Fruit that isn't hanging so low is the idea that so many people don't like what they do. I don't doubt the veracity of that statement but these financially self-sufficient concepts we're talking about make it much easier for you to leave the job you don't like for something you do like even if that new endeavor pays less. Forget about $1 million at 30, what if you're 45 and have 80% or 90% of your number socked away? Your number should be driven off of your expenses not your income. Where you have more control over your expenses, your number then can be smaller. So if you're 45 and have 85% of your number and could get a job you know you'd love that meant a large cut in pay, would you do it? The answer is ultimately an individual determination but anyone in this scenario does have the financial option of switching to the lower paying job, they don't necessarily need to save as much. The people over-indebted with a big mortgage, two car payments and couple of credit cards which prevents them from saving adequately don't have this option.

Right on cue, Nassim Taleb tweeted the following;

My wife and I have this bit (I've mentioned this before) where I say, I think I am going to retire. She will ask me what I intend to do. "Oh, I will probably hop on the computer, do some reading about the stock market, maybe later write a blog post and place a trade if need be. A little later on, I'll go to the gym." She then wryly asks, so you're just sick of getting paid for that routine. The implication of course is that if you love what you do, you won't want to retire. I started saying years ago that I don't want to ever retire, and while that still is the case, we save like we are desperate to retire last year in case, in the name of being financially resilient/independent, I change my mind or we encounter some sort of adverse circumstance.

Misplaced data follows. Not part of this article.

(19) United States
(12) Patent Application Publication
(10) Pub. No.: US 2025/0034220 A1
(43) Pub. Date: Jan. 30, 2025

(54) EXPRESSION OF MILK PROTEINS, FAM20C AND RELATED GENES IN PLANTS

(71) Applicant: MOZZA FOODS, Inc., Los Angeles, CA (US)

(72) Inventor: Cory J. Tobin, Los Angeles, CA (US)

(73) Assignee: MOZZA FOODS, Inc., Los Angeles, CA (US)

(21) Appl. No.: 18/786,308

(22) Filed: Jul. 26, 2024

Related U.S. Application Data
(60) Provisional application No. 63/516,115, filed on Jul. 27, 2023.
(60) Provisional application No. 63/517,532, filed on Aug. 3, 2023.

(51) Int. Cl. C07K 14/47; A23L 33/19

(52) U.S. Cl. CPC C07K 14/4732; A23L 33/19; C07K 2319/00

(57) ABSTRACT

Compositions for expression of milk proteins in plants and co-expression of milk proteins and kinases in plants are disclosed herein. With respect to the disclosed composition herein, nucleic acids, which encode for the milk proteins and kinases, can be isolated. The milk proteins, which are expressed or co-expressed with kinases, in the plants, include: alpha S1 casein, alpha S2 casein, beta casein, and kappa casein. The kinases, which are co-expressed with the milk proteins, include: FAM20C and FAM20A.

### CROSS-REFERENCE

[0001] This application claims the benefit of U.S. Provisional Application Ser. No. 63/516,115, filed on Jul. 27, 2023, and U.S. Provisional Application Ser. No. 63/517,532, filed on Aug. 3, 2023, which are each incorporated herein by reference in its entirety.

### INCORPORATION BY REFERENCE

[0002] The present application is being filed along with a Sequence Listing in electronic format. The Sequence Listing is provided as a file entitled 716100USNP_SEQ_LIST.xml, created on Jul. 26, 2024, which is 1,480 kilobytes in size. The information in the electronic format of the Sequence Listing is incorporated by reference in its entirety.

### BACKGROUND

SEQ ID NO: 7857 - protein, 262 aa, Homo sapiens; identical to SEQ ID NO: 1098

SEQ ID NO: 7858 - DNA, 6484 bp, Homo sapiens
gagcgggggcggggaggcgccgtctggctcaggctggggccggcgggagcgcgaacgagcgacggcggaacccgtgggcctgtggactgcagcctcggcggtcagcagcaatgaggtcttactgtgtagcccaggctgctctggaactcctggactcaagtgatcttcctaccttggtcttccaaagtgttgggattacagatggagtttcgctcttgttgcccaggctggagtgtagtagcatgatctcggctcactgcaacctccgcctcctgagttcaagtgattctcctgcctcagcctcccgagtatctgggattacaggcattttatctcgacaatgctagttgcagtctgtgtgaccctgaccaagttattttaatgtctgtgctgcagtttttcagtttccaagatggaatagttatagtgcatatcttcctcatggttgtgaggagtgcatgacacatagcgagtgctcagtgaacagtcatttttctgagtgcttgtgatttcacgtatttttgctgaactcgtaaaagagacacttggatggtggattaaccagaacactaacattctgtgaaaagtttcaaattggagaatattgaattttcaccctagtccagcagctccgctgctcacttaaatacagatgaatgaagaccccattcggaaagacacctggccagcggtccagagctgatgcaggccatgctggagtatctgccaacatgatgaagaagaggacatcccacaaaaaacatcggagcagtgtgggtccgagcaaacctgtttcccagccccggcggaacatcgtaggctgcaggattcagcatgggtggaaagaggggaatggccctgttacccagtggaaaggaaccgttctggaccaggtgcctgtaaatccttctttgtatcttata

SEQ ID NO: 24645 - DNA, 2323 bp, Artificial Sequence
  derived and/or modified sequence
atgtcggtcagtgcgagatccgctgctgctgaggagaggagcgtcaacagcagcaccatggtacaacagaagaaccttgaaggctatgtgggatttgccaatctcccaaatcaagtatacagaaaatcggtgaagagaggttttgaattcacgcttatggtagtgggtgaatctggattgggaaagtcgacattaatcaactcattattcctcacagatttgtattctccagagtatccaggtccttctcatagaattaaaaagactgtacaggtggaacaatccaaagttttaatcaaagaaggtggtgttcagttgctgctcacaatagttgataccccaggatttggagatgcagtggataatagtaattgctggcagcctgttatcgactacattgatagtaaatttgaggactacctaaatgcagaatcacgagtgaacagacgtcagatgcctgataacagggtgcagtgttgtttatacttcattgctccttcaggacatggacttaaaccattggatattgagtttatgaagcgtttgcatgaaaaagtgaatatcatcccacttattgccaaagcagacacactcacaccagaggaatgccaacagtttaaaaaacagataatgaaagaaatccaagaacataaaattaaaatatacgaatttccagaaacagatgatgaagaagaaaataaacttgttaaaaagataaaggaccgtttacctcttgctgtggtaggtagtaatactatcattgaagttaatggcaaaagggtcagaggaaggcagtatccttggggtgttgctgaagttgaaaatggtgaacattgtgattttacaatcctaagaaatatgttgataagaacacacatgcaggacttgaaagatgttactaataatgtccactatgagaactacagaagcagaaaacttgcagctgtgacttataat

In trying to build your own investment process, I talk about taking bits of process from various sources to create your own process. That also applies to life more broadly. There is plenty to Daisy's post and what I know about the FIRE lifestyle that are not for me, but that doesn't mean there aren't useful tidbits in there to learn from and perhaps improve your life.

Disclosure: I/we have no positions in any stocks mentioned, and no plans to initiate any positions within the next 72 hours. I wrote this article myself, and it expresses my own opinions. I am not receiving compensation for it. I have no business relationship with any company whose stock is mentioned in this article.